Security Vulnerabilities Could Let Hackers Access In-Flight Systems

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airplane cockpit
Online hacking may be a worrisome idea, but a hacking a plane and gaining controls are truly terrifying. Is this truly possible?

Cyber-hijacking an airplane and taking control of its flight capabilities is a recipe for a thrilling and scary action movie. You know what’s scary?

The category for such film is simply an action movie and not a science fiction one. This is because such scenario is certainly possible according to this online security group.

IOActive is a company that specializes in offering cyber security solutions for small to mid businesses.

If you don’t know, IOActive hit the mainstream media when they hacked a Jeep Cherokee’s onboard system vulnerabilities.

The vulnerabilities gave the IOActive’s team access to the transmission, brakes, and steering control.

As a demonstration, they successfully hacked a Jeep Cherokee from 10 miles away, took control of the vehicle and made it veered off the road.

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The same vulnerabilities in the Jeep Cherokee are also present in the 470,000 running cars manufactured by Fiat Chrysler.

Recently, IOActive announced that major airlines, like Qatar, Virgin, American Airlines, United, and Emirates are vulnerable to an electronic hijacking.

If the hack is successful, the hacker would gain access to several flight systems. In fact, taking control of the plane is not a far-fetch idea. So how do they hack an airplane then?

Before you can hack something, you need to find security vulnerabilities. The funny part, or the scary part (whichever you want to interpret it), the vulnerabilities are not located within the cockpit. It’s actually the in-flight entertainment.

According to Emirates, they are intimately working with Panasonic to solve the vulnerabilities, and regular update to make it more secure is still going.

Panasonic Avionics in-flight entertainment system is the standard for many of the major airlines.

For now, it’s being used by 13 major airlines. For a hacker that knows what he/she is doing, this widespread in-flight entertainment system provides a gateway for absolutely terrifying hacks.

At the very basic level, a successful hack allows the hacker to spoof altitude levels and speed statistics.

The hacker also allows controlling of the cabin lighting as well as stealing credit information.

Ruben Santamarta is the man behind IOActive’s airline vulnerabilities announcement. According to him, the hacks mentioned above are the base minimum of what a hacker can do.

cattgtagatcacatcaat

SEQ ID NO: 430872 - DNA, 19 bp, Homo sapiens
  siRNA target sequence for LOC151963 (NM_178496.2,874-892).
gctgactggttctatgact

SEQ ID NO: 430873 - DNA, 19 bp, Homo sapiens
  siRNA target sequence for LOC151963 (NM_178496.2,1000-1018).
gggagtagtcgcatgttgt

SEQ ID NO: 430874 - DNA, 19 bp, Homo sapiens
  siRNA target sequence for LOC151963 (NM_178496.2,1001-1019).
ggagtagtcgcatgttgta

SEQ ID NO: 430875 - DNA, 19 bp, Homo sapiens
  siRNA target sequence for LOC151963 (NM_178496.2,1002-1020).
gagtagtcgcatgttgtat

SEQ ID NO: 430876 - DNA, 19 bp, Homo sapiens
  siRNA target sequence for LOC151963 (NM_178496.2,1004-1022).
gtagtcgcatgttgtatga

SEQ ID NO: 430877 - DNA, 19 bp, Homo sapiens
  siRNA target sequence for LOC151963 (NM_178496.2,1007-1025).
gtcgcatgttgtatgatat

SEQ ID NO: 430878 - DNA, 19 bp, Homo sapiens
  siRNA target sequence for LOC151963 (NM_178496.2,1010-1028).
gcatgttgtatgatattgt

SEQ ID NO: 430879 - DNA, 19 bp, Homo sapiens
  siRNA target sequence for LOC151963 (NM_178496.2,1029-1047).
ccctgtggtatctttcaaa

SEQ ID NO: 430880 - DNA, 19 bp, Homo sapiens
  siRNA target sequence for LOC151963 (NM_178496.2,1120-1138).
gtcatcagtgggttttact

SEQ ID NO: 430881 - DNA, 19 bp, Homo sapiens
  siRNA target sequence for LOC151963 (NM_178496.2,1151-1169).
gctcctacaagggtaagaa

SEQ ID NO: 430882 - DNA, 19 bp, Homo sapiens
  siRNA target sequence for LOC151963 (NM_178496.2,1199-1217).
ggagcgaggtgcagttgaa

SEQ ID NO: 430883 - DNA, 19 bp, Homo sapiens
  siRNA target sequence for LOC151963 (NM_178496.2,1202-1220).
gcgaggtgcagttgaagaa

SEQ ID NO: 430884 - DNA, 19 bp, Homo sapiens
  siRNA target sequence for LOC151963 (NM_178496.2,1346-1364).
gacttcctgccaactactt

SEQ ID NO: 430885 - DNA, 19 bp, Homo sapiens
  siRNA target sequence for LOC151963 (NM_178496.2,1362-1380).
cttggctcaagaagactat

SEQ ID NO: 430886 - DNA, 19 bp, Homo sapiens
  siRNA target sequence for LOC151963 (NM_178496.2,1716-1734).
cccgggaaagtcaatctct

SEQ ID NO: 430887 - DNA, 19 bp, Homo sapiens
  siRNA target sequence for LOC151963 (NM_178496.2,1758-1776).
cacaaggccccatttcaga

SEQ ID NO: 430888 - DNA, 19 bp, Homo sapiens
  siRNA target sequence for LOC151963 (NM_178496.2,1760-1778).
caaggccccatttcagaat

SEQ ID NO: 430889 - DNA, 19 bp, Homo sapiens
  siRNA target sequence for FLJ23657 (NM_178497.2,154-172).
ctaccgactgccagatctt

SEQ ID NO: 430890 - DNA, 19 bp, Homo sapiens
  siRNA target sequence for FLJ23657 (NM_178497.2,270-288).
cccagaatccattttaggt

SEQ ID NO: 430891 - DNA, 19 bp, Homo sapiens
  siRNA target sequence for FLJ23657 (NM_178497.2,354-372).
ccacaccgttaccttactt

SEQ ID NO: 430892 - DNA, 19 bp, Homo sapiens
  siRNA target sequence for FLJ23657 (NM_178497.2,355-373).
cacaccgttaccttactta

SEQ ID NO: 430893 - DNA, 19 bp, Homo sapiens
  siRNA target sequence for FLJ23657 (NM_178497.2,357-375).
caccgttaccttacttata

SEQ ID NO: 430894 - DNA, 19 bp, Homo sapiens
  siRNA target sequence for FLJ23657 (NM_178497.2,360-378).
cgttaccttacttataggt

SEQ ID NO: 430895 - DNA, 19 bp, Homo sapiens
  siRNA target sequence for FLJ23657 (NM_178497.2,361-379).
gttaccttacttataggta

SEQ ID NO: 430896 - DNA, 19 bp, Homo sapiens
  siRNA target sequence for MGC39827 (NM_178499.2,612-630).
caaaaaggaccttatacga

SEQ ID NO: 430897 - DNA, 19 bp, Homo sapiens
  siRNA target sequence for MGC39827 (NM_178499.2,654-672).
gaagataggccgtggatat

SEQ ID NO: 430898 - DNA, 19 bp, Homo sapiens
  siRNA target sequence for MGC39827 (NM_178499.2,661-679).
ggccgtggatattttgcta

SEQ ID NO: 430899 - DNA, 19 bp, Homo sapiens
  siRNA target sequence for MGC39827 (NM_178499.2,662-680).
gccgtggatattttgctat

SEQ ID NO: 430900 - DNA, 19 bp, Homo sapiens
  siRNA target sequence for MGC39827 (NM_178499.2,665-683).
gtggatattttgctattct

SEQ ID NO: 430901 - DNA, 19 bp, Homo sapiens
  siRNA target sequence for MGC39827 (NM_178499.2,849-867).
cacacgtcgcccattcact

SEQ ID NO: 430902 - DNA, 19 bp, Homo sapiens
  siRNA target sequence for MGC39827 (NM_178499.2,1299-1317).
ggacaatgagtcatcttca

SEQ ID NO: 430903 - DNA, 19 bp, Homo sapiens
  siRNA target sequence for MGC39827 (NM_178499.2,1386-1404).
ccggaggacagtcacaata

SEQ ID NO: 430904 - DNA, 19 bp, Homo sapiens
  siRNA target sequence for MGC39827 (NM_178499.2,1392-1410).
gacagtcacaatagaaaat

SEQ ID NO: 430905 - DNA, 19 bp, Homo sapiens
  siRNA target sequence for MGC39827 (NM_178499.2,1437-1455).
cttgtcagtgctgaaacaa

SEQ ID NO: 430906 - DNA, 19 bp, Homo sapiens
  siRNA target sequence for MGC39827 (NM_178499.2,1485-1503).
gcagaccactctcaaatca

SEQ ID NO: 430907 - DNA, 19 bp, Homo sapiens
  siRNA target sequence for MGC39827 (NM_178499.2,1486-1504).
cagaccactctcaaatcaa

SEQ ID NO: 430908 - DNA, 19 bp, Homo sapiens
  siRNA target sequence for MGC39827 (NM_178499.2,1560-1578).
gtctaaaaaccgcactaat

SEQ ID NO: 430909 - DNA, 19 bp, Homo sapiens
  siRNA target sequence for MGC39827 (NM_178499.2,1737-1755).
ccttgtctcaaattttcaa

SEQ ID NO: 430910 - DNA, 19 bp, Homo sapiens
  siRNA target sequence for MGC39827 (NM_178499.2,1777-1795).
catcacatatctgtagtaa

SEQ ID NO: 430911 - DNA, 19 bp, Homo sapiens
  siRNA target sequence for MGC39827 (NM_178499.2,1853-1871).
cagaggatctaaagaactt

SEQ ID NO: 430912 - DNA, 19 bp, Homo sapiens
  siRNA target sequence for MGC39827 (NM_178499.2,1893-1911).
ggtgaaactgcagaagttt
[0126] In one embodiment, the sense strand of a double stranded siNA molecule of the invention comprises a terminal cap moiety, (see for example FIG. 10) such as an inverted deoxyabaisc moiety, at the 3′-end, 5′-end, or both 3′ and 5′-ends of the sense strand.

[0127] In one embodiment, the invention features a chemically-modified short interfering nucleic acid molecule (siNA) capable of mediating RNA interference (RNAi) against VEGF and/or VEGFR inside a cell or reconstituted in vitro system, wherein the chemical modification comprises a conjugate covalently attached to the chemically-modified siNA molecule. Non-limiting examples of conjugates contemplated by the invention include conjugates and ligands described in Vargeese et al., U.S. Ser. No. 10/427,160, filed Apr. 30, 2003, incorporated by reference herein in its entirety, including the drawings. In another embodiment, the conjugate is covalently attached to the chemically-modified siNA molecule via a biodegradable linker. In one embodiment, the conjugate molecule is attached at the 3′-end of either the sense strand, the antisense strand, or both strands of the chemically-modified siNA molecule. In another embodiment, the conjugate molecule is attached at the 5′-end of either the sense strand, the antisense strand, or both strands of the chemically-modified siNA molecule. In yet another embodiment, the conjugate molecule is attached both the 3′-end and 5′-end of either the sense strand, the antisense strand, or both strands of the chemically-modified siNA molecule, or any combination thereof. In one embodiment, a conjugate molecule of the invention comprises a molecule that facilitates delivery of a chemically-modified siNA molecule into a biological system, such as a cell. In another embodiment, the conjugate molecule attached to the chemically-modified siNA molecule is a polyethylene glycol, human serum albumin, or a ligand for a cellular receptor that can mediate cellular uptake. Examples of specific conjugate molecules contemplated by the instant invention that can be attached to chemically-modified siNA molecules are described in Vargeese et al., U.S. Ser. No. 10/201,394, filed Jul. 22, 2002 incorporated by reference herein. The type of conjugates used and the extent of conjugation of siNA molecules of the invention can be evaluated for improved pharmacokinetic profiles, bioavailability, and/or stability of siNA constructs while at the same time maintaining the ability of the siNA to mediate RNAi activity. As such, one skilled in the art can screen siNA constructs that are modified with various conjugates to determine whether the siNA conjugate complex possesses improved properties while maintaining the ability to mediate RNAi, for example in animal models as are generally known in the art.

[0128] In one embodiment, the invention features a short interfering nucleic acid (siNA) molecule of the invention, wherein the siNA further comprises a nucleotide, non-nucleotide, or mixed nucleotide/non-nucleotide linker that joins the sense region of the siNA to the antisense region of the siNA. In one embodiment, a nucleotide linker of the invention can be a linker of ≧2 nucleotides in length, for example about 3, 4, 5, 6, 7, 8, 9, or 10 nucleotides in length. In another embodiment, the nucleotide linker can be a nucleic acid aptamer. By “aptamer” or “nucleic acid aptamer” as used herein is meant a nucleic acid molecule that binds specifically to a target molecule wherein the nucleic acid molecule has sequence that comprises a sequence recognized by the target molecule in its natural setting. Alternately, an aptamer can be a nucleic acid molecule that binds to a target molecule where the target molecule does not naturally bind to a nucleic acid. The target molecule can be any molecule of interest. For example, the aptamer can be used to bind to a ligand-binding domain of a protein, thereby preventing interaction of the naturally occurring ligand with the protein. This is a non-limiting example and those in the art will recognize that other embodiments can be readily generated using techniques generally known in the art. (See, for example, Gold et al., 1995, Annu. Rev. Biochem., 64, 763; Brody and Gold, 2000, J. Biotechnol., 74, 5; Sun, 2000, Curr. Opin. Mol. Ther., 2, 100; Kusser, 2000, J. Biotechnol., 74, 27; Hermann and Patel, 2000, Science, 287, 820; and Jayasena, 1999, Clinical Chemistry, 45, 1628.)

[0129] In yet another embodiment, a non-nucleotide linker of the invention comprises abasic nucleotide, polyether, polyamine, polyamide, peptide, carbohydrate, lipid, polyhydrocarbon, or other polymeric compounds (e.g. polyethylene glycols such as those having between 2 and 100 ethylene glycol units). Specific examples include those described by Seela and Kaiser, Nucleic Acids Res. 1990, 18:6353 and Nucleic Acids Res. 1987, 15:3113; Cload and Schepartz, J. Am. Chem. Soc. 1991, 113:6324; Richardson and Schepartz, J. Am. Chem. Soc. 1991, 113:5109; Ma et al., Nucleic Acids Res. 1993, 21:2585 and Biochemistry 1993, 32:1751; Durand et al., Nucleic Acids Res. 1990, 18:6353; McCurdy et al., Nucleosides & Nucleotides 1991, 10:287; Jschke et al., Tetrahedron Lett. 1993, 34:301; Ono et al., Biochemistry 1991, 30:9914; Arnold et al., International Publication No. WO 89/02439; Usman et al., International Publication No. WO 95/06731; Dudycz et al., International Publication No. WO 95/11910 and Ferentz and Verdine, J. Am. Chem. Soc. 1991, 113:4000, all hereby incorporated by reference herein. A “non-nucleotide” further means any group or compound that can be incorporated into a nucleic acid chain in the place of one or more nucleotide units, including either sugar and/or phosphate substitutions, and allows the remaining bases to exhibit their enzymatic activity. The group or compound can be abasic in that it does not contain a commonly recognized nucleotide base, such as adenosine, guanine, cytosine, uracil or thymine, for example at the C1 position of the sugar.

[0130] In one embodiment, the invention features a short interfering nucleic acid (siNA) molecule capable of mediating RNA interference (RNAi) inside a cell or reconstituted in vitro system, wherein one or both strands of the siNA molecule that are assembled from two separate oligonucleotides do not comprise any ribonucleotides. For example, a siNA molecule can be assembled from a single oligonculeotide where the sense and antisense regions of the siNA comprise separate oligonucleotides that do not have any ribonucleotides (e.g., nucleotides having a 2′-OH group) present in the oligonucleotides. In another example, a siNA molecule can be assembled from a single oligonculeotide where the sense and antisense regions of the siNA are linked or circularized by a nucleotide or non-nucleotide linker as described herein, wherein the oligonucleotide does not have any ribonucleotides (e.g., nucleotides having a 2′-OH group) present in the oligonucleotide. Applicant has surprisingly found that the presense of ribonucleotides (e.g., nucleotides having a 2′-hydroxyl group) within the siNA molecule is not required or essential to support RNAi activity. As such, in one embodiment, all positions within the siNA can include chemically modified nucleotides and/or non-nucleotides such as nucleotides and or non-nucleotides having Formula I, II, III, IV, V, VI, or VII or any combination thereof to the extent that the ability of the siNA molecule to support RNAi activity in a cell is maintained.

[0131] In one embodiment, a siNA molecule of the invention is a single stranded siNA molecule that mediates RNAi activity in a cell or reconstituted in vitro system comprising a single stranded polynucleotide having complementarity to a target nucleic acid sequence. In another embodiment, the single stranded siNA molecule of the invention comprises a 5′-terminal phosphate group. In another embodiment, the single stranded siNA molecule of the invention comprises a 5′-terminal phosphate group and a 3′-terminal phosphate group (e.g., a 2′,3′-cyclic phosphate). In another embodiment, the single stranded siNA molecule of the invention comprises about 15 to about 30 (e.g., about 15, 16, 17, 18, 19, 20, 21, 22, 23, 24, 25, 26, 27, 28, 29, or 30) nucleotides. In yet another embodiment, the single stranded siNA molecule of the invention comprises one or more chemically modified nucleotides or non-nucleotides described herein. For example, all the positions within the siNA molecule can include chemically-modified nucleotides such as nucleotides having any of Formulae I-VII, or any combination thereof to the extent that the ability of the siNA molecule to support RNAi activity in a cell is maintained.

As a cyber security analyst, he is confident that these vulnerabilities can be exploited to a larger degree.

He added that from a technical standpoint, taking control of the plane is feasible. It all depends on the skills and determination of the hacker.

According to Santamarta, he started hacking plane systems back in 2014 out from his fear of flying.

Santamarta uncovered hundreds of software updates for many major airlines. The disturbing part is that these updates are publicly available, and anyone can download it from the web.

Each update alone does not pose a big threat. However, if someone studies a lot of the updates, it’s possible to find the vulnerabilities.

That’s how Santamarta uncovered the in-flight vulnerabilities. Aside from the critical issues mentioned above, the vulnerabilities also open the door to a personal finance-related problem.

Most major airlines have integrated automatic payment systems. It’s what allows the passenger to purchase any item offered by the in-flight store conveniently.

This means that the in-flight system contains credit card information of the airline’s customers.

A hacker can then access this personal credit card information via the in-flight entertainment vulnerabilities. From there, a hacker can create a wide variety of mayhem to the everyday customer, from identity theft to unauthorized purchases. However, everything is not a doom and gloom story.

The vulnerabilities discovered by IOActive were made known to the concerned companies last March 2015.

The researchers waited for more than a year to announce the security problem. By the time these vulnerabilities were announced, Panasonic already produced and deployed multiple patches to secure the system.

According to IOActive, it’s not completely secure yet (no system is completely secure), but at least the major vulnerabilities are now patched.

From the 13 of the reported airlines to carry such vulnerability, Emirates is the most vocal when it comes to patching the vulnerabilities.

According to Emirates, they are intimately working with Panasonic to solve the vulnerabilities, and regular update to make it more secure is still going.

While hacking-related movies tend to focus catastrophic problems like hacking a nation’s nuclear arsenals or causing an economic meltdown, the notion of taking control of a plane may be inconsequential.

And yet, it’s more horrifying as it’s possible in the real world and anyone can do it with the proper tools and skills.

Fortunately, it’s not a cause for too much worry as the vulnerability is now heavily patched, making our skies a bit safer for everyone.

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